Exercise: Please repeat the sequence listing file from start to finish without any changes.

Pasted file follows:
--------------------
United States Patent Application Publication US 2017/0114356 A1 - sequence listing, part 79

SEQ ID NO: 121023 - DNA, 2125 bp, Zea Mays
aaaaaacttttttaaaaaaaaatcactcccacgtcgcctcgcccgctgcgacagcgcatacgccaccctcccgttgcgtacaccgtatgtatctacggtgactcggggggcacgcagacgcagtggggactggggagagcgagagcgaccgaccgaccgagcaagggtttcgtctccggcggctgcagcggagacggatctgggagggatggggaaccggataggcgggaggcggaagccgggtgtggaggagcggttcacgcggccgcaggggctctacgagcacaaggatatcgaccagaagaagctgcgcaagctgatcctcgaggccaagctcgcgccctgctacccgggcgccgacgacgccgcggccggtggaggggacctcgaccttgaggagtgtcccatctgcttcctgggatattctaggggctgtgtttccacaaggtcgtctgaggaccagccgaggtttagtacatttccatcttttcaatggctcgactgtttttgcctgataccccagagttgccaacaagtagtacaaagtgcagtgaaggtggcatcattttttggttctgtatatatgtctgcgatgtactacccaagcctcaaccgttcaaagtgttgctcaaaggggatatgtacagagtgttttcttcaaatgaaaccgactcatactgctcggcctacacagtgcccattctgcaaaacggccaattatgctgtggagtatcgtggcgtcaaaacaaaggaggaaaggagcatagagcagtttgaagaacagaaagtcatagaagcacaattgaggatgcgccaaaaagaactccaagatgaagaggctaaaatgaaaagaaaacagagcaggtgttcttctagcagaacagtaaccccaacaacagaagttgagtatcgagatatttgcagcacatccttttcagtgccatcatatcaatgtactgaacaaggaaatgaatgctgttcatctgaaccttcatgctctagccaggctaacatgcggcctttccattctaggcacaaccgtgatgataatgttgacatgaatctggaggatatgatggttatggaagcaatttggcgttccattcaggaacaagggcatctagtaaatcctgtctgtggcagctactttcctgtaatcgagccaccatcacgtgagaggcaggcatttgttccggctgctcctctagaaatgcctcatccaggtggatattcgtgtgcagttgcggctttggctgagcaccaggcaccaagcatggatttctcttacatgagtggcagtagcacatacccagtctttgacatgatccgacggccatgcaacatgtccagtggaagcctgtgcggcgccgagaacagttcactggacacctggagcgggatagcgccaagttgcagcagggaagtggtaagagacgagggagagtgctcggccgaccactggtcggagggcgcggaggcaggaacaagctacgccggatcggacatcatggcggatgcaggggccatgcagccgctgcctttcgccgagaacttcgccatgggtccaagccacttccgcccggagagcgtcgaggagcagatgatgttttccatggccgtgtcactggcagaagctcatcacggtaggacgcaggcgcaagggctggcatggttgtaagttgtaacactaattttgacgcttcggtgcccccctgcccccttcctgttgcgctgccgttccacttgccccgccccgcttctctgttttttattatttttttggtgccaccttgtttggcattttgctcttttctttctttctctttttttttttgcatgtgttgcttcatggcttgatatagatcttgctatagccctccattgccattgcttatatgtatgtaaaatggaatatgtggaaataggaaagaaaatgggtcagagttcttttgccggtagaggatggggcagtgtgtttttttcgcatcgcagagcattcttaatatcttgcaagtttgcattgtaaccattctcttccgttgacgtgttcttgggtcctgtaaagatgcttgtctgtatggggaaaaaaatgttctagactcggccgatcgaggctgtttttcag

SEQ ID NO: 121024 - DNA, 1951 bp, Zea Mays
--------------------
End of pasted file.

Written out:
United States Patent Application Publication US 2017/0114356 A1 - sequence listing, part 79

SEQ ID NO: 121023 - DNA, 2125 bp, Zea Mays
aaaaaacttttttaaaaaaaaatcactcccacgtcgcctcgcccgctgcgacagcgcatacgccaccctcccgttgcgtacaccgtatgtatctacggtgactcggggggcacgcagacgcagtggggactggggagagcgagagcgaccgaccgaccgagcaagggtttcgtctccggcggctgcagcggagacggatctgggagggatggggaaccggataggcgggaggcggaagccgggtgtggaggagcggttcacgcggccgcaggggctctacgagcacaaggatatcgaccagaagaagctgcgcaagctgatcctcgaggccaagctcgcgccctgctacccgggcgccgacgacgccgcggccggtggaggggacctcgaccttgaggagtgtcccatctgcttcctgggatattctaggggctgtgtttccacaaggtcgtctgaggaccagccgaggtttagtacatttccatcttttcaatggctcgactgtttttgcctgataccccagagttgccaacaagtagtacaaagtgcagtgaaggtggcatcattttttggttctgtatatatgtctgcgatgtactacccaagcctcaaccgttcaaagtgttgctcaaaggggatatgtacagagtgttttcttcaaatgaaaccgactcatactgctcggcctacacagtgcccattctgcaaaacggccaattatgctgtggagtatcgtggcgtcaaaacaaaggaggaaaggagcatagagcagtttgaagaacagaaagtcatagaagcacaattgaggatgcgccaaaaagaactccaagatgaagaggctaaaatgaaaagaaaacagagcaggtgttcttctagcagaacagtaaccccaacaacagaagttgagtatcgagatatttgcagcacatccttttcagtgccatcatatcaatgtactgaacaaggaaatgaatgctgttcatctgaaccttcatgctctagccaggctaacatgcggcctttccattctaggcacaaccgtgatgataatgttgacatgaatctggaggatatgatggttatggaagcaatttggcgttccattcaggaacaagggcatctagtaaatcctgtctgtggcagctactttcctgtaatcgagccaccatcacgtgagaggcaggcatttgttccggctgctcctctagaaatgcctcatccaggtggatattcgtgtgcagttgcggctttggctgagcaccaggcaccaagcatggatttctcttacatgagtggcagtagcacatacccagtctttgacatgatccgacggccatgcaacatgtccagtggaagcctgtgcggcgccgagaacagttcactggacacctggagcgggatagcgccaagttgcagcagggaagtggtaagagacgagggagagtgctcggccgaccactggtcggagggcgcggaggcaggaacaagctacgccggatcggacatcatggcggatgcaggggccatgcagccgctgcctttcgccgagaacttcgccatgggtccaagccacttccgcccggagagcgtcgaggagcagatgatgttttccatggccgtgtcactggcagaagctcatcacggtaggacgcaggcgcaagggctggcatggttgtaagttgtaacactaattttgacgcttcggtgcccccctgcccccttcctgttgcgctgccgttccacttgccccgccccgcttctctgttttttattatttttttggtgccaccttgtttggcattttgctcttttctttctttctctttttttttttgcatgtgttgcttcatggcttgatatagatcttgctatagccctccattgccattgcttatatgtatgtaaaatggaatatgtggaaataggaaagaaaatgggtcagagttcttttgccggtagaggatggggcagtgtgtttttttcgcatcgcagagcattcttaatatcttgcaagtttgcattgtaaccattctcttccgttgacgtgttcttgggtcctgtaaagatgcttgtctgtatggggaaaaaaatgttctagactcggccgatcgaggctgtttttcag

SEQ ID NO: 121024 - DNA, 1951 bp, Zea Mays